Episode 1 was a great intro and re-entry. But Episode 2 “Hyde Park Corner”, which follows the events around George VI’s death blew my mind. It made me realize just how awesome this show is. It achieves that special thing that is what the cinematic arts are all about. Later, reading about the show, Claire Foy shared that that, the death of Elizabeth’s dad, was the central fact for getting to her character. Watch it if you haven’t, and if you have, enjoy it again! It’s profound and masterfully done. Anyway! And, in the unexpected turn that my experience of this show is a microcosm of life, being aware of just how Screen Shot 2018-03-13 at 2.04.29 PMawesome it indeed is, just how little of it there was, I decided to savor it and didn’t want to use up all the episodes, so I started pacing myself.

I’m still saving the last episode. 🙂

FROM LOSING MY AMERICA TO MARRYING HOLLYWOOD

I didn’t prop any such fortitude in watching Victoria, though, although I haven’t seen most of season 1 of it because my PBS (what is UP, KQED?!?) for some reason doesn’t offer the streaming episodes where I live. But I was able to find two from season 1 and all of King_George_III_of_England_by_Johann_Zoffanyseason 2 and binged away. Great, great stuff.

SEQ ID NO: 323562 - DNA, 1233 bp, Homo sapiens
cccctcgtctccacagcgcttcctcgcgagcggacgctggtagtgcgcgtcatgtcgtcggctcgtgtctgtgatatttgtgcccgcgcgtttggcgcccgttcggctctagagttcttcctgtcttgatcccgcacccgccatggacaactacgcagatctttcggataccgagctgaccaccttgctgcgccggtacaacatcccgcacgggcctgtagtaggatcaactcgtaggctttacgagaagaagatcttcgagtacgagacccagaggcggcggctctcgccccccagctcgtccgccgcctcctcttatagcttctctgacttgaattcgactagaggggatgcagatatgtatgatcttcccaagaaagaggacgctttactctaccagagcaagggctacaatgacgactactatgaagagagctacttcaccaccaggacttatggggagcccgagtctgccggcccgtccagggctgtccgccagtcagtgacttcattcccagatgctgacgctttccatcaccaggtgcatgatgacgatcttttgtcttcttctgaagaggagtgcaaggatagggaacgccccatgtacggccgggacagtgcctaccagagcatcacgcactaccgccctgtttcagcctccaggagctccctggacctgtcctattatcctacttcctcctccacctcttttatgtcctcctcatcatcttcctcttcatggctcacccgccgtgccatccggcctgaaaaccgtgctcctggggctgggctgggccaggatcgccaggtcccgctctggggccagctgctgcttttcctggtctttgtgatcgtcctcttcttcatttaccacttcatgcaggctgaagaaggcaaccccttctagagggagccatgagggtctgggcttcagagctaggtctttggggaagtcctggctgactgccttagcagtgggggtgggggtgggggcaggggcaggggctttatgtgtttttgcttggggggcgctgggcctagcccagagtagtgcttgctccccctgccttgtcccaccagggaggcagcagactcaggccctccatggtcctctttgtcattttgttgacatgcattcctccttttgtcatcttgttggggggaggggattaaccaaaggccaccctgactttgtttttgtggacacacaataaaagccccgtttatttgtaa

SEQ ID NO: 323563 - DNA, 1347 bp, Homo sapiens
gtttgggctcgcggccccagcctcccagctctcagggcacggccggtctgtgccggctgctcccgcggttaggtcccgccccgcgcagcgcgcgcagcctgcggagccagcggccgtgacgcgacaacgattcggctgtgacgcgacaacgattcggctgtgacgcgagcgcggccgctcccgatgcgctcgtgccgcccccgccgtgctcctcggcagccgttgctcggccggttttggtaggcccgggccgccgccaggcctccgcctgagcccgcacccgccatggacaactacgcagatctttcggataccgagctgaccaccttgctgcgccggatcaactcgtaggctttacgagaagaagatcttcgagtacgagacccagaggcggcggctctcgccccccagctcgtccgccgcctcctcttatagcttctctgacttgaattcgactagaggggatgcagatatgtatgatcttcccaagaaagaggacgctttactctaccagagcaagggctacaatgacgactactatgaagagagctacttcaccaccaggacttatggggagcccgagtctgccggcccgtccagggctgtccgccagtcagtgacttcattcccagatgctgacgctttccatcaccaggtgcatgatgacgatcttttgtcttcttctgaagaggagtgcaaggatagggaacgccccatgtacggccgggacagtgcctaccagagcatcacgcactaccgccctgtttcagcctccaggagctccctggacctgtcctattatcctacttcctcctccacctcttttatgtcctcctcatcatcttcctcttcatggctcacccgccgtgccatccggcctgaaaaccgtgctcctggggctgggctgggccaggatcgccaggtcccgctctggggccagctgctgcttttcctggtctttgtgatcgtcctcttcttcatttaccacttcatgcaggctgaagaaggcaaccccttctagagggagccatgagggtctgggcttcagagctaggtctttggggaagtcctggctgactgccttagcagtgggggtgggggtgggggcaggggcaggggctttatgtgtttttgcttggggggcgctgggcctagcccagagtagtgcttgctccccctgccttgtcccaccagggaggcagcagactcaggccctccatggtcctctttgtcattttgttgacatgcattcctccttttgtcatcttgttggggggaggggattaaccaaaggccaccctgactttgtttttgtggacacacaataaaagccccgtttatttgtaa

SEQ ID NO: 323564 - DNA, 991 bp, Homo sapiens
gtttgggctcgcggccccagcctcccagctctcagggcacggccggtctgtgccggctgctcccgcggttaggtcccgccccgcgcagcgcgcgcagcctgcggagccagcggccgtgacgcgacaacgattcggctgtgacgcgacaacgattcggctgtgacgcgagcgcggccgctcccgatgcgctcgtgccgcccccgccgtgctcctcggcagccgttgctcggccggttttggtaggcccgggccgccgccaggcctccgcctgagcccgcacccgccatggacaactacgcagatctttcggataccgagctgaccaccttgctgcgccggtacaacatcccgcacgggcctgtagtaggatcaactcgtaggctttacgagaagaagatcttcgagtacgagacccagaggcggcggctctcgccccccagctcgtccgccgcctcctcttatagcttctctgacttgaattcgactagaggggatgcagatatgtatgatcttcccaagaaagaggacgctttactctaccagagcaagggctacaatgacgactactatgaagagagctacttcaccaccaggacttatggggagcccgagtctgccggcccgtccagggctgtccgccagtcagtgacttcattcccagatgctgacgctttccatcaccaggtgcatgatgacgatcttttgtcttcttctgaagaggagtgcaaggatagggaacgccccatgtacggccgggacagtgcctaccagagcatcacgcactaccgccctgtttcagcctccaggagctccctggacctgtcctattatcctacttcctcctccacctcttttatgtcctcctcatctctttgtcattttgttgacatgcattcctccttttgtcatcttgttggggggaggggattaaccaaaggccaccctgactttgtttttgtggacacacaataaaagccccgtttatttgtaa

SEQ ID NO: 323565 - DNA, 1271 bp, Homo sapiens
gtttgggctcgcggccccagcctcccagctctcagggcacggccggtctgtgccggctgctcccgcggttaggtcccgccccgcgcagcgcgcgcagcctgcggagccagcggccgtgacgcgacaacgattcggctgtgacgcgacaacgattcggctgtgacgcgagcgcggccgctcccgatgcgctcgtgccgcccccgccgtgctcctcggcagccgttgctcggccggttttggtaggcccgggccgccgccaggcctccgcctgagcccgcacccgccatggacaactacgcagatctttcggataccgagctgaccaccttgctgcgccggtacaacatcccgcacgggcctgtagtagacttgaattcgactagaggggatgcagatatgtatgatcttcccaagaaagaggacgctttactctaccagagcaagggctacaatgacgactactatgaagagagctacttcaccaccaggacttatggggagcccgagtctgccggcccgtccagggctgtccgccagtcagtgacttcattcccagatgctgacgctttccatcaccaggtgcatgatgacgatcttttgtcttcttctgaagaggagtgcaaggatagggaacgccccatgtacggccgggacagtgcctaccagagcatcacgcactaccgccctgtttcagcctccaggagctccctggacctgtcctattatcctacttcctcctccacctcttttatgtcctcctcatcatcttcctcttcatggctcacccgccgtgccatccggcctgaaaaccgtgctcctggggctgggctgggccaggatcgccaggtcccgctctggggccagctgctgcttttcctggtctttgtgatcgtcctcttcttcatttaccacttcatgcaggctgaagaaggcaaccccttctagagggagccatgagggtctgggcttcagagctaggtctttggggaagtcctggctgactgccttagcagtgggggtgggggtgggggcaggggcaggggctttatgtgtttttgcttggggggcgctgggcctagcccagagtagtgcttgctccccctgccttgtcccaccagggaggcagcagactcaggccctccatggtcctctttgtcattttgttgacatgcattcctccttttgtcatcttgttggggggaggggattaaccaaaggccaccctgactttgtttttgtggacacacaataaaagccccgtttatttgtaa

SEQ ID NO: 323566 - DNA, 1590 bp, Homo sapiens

Anyway, being the geek for charts that I am, I put together this one below showing the relational line from Queen Victoria to her great-great-granddaughter Queen Elizabeth II. Actually, it includes back to Victoria’s grandfather, George III, who of course lost America (and is infamous here as some tyrant from whom we freed ourselves, even though it was Parlaiment and not George behind the laws our Founders represented as oppressive).